Report of the activities carried out to assist the European Commission in the intermediate monitoring of the Code of practice on disinformation ...

 
Report of the activities carried out to assist the European Commission in the intermediate monitoring of the Code of practice on disinformation ...
Report of the activities carried out to
assist the European Commission in the
intermediate monitoring of the Code of
       practice on disinformation
             (ERGA Report)
                 June 2019

                     1
Report of the activities carried out to assist the European Commission in the intermediate monitoring of the Code of practice on disinformation ...
List of Contents
List of Contents........................................................................................................................... 2
Executive Summary .................................................................................................................... 3
1 - Introduction........................................................................................................................... 4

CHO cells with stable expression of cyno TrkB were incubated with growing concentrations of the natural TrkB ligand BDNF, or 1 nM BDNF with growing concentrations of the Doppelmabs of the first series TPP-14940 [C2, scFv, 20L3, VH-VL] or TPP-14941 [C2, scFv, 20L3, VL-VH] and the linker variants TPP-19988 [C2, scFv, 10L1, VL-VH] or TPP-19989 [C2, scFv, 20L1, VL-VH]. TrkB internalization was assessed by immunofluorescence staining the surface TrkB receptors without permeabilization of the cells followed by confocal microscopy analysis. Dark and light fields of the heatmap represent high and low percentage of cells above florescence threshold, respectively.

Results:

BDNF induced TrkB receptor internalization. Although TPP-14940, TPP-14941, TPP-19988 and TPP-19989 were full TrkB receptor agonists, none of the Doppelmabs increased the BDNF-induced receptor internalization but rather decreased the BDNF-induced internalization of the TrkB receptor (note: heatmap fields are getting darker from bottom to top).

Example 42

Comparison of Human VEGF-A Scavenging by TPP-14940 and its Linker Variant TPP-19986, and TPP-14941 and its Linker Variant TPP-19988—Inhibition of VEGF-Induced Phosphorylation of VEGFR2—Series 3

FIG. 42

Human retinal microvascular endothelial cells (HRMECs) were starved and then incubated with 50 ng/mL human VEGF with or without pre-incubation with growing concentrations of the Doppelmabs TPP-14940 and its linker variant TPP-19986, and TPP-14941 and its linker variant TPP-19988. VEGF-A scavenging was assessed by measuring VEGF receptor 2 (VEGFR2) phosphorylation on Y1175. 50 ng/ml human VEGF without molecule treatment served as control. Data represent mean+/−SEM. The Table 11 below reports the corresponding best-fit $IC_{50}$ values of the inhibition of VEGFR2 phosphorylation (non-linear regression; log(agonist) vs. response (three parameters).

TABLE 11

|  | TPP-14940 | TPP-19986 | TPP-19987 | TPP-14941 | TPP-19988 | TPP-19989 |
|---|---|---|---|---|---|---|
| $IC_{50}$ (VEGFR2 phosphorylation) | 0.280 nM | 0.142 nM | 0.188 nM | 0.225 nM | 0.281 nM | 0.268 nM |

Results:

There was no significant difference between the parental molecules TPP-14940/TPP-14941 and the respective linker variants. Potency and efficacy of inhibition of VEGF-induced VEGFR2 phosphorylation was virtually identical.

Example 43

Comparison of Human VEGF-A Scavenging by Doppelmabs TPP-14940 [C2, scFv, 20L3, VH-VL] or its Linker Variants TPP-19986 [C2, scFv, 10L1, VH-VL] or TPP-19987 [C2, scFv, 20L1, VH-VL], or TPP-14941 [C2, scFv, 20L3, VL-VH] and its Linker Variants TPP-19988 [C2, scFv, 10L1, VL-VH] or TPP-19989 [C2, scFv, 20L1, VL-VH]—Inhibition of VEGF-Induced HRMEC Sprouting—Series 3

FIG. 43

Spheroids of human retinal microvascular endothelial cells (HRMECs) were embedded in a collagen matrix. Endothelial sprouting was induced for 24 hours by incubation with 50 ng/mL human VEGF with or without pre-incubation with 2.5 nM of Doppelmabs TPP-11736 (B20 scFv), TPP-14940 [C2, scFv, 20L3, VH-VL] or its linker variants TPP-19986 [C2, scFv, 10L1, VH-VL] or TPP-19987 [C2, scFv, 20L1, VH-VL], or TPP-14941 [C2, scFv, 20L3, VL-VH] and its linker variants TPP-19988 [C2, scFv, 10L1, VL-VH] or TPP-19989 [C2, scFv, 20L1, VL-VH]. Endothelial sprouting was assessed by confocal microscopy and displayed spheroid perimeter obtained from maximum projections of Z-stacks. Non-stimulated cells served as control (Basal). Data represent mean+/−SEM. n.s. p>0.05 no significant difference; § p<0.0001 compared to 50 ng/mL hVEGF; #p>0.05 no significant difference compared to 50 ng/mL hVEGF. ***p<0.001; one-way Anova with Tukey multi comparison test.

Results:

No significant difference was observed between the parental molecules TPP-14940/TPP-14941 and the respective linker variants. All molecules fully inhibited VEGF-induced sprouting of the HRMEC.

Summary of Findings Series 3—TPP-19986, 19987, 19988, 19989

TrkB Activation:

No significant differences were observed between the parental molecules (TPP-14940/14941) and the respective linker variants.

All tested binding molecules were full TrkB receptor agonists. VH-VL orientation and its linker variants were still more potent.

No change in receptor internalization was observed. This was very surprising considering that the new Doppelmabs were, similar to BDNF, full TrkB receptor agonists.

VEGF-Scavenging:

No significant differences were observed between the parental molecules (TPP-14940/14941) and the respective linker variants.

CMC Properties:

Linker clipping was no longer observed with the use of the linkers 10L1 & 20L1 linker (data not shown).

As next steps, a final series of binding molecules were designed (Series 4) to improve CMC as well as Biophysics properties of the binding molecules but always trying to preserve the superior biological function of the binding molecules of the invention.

1.1 - The notions of disinformation, false information and fake news .................................. 4
   1.2 – Background: why is ERGA looking at this topic ............................................................. 4
   1.3 – Defining the boundaries of ERGA’s involvement .......................................................... 7
2 - The ERGA monitoring activities ............................................................................................. 9
   2.1 - Methodology adopted .................................................................................................... 9